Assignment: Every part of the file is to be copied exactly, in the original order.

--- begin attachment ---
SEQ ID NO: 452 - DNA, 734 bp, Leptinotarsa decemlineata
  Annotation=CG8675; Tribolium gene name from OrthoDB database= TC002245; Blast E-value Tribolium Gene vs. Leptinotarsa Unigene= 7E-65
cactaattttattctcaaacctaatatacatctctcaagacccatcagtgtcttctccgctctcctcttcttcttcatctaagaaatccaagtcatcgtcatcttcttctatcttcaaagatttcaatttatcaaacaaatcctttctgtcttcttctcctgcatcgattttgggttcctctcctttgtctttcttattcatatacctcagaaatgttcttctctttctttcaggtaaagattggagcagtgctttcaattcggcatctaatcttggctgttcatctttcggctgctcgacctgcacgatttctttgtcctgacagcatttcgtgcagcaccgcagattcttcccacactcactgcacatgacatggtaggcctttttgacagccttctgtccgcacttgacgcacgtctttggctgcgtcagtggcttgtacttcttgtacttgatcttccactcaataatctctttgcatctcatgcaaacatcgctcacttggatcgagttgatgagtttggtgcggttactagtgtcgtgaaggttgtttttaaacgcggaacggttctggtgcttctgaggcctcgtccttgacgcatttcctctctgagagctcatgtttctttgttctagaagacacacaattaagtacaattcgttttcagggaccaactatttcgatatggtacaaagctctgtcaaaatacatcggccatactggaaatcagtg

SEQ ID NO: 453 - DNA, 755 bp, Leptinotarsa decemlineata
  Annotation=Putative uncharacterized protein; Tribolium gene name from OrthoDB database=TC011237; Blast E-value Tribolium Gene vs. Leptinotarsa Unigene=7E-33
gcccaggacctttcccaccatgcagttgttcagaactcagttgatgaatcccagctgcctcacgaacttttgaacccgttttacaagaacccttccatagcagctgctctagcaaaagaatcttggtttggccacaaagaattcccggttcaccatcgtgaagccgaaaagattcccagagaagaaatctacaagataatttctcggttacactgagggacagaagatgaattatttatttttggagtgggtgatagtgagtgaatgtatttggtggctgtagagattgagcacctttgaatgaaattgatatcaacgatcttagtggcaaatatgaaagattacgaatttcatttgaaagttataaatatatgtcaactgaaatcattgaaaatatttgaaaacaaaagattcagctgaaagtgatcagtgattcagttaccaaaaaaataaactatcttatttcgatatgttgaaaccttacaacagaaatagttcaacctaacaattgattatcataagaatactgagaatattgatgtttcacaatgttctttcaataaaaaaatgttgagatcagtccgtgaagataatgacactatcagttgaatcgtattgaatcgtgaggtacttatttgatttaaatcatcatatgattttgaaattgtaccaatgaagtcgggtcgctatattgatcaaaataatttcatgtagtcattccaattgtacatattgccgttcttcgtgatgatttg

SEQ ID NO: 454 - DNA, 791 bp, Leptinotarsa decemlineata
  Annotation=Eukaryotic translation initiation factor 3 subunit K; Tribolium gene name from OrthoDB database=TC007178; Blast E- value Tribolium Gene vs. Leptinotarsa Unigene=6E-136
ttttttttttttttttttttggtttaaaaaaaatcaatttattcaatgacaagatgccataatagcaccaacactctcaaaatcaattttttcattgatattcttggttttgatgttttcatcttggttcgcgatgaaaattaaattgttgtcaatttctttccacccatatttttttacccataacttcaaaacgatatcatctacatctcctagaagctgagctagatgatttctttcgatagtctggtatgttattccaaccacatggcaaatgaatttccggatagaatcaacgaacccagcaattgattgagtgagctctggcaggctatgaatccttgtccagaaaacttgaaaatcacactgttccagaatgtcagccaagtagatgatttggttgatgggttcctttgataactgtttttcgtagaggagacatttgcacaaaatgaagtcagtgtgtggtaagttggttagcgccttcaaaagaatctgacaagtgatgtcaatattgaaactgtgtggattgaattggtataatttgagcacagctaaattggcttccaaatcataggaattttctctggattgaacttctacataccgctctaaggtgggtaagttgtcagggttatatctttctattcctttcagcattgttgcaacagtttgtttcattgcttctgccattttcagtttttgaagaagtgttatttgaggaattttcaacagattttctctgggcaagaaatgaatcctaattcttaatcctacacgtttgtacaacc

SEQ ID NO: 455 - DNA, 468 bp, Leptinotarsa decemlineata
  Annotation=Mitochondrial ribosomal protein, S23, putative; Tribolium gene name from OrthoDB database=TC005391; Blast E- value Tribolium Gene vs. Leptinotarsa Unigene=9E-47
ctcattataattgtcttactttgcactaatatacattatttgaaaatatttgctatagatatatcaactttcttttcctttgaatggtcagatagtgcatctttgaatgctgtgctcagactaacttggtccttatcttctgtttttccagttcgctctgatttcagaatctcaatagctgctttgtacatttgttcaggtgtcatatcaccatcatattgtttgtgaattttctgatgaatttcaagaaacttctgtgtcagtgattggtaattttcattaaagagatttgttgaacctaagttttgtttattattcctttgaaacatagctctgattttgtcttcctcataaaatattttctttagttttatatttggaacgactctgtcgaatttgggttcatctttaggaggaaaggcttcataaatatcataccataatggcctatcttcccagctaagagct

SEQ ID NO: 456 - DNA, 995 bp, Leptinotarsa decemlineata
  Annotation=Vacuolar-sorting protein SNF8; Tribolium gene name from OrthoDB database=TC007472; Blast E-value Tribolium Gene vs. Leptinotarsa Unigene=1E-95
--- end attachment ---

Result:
SEQ ID NO: 452 - DNA, 734 bp, Leptinotarsa decemlineata
  Annotation=CG8675; Tribolium gene name from OrthoDB database= TC002245; Blast E-value Tribolium Gene vs. Leptinotarsa Unigene= 7E-65
cactaattttattctcaaacctaatatacatctctcaagacccatcagtgtcttctccgctctcctcttcttcttcatctaagaaatccaagtcatcgtcatcttcttctatcttcaaagatttcaatttatcaaacaaatcctttctgtcttcttctcctgcatcgattttgggttcctctcctttgtctttcttattcatatacctcagaaatgttcttctctttctttcaggtaaagattggagcagtgctttcaattcggcatctaatcttggctgttcatctttcggctgctcgacctgcacgatttctttgtcctgacagcatttcgtgcagcaccgcagattcttcccacactcactgcacatgacatggtaggcctttttgacagccttctgtccgcacttgacgcacgtctttggctgcgtcagtggcttgtacttcttgtacttgatcttccactcaataatctctttgcatctcatgcaaacatcgctcacttggatcgagttgatgagtttggtgcggttactagtgtcgtgaaggttgtttttaaacgcggaacggttctggtgcttctgaggcctcgtccttgacgcatttcctctctgagagctcatgtttctttgttctagaagacacacaattaagtacaattcgttttcagggaccaactatttcgatatggtacaaagctctgtcaaaatacatcggccatactggaaatcagtg

SEQ ID NO: 453 - DNA, 755 bp, Leptinotarsa decemlineata
  Annotation=Putative uncharacterized protein; Tribolium gene name from OrthoDB database=TC011237; Blast E-value Tribolium Gene vs. Leptinotarsa Unigene=7E-33
gcccaggacctttcccaccatgcagttgttcagaactcagttgatgaatcccagctgcctcacgaacttttgaacccgttttacaagaacccttccatagcagctgctctagcaaaagaatcttggtttggccacaaagaattcccggttcaccatcgtgaagccgaaaagattcccagagaagaaatctacaagataatttctcggttacactgagggacagaagatgaattatttatttttggagtgggtgatagtgagtgaatgtatttggtggctgtagagattgagcacctttgaatgaaattgatatcaacgatcttagtggcaaatatgaaagattacgaatttcatttgaaagttataaatatatgtcaactgaaatcattgaaaatatttgaaaacaaaagattcagctgaaagtgatcagtgattcagttaccaaaaaaataaactatcttatttcgatatgttgaaaccttacaacagaaatagttcaacctaacaattgattatcataagaatactgagaatattgatgtttcacaatgttctttcaataaaaaaatgttgagatcagtccgtgaagataatgacactatcagttgaatcgtattgaatcgtgaggtacttatttgatttaaatcatcatatgattttgaaattgtaccaatgaagtcgggtcgctatattgatcaaaataatttcatgtagtcattccaattgtacatattgccgttcttcgtgatgatttg

SEQ ID NO: 454 - DNA, 791 bp, Leptinotarsa decemlineata
  Annotation=Eukaryotic translation initiation factor 3 subunit K; Tribolium gene name from OrthoDB database=TC007178; Blast E- value Tribolium Gene vs. Leptinotarsa Unigene=6E-136
ttttttttttttttttttttggtttaaaaaaaatcaatttattcaatgacaagatgccataatagcaccaacactctcaaaatcaattttttcattgatattcttggttttgatgttttcatcttggttcgcgatgaaaattaaattgttgtcaatttctttccacccatatttttttacccataacttcaaaacgatatcatctacatctcctagaagctgagctagatgatttctttcgatagtctggtatgttattccaaccacatggcaaatgaatttccggatagaatcaacgaacccagcaattgattgagtgagctctggcaggctatgaatccttgtccagaaaacttgaaaatcacactgttccagaatgtcagccaagtagatgatttggttgatgggttcctttgataactgtttttcgtagaggagacatttgcacaaaatgaagtcagtgtgtggtaagttggttagcgccttcaaaagaatctgacaagtgatgtcaatattgaaactgtgtggattgaattggtataatttgagcacagctaaattggcttccaaatcataggaattttctctggattgaacttctacataccgctctaaggtgggtaagttgtcagggttatatctttctattcctttcagcattgttgcaacagtttgtttcattgcttctgccattttcagtttttgaagaagtgttatttgaggaattttcaacagattttctctgggcaagaaatgaatcctaattcttaatcctacacgtttgtacaacc

SEQ ID NO: 455 - DNA, 468 bp, Leptinotarsa decemlineata
  Annotation=Mitochondrial ribosomal protein, S23, putative; Tribolium gene name from OrthoDB database=TC005391; Blast E- value Tribolium Gene vs. Leptinotarsa Unigene=9E-47
ctcattataattgtcttactttgcactaatatacattatttgaaaatatttgctatagatatatcaactttcttttcctttgaatggtcagatagtgcatctttgaatgctgtgctcagactaacttggtccttatcttctgtttttccagttcgctctgatttcagaatctcaatagctgctttgtacatttgttcaggtgtcatatcaccatcatattgtttgtgaattttctgatgaatttcaagaaacttctgtgtcagtgattggtaattttcattaaagagatttgttgaacctaagttttgtttattattcctttgaaacatagctctgattttgtcttcctcataaaatattttctttagttttatatttggaacgactctgtcgaatttgggttcatctttaggaggaaaggcttcataaatatcataccataatggcctatcttcccagctaagagct

SEQ ID NO: 456 - DNA, 995 bp, Leptinotarsa decemlineata
  Annotation=Vacuolar-sorting protein SNF8; Tribolium gene name from OrthoDB database=TC007472; Blast E-value Tribolium Gene vs. Leptinotarsa Unigene=1E-95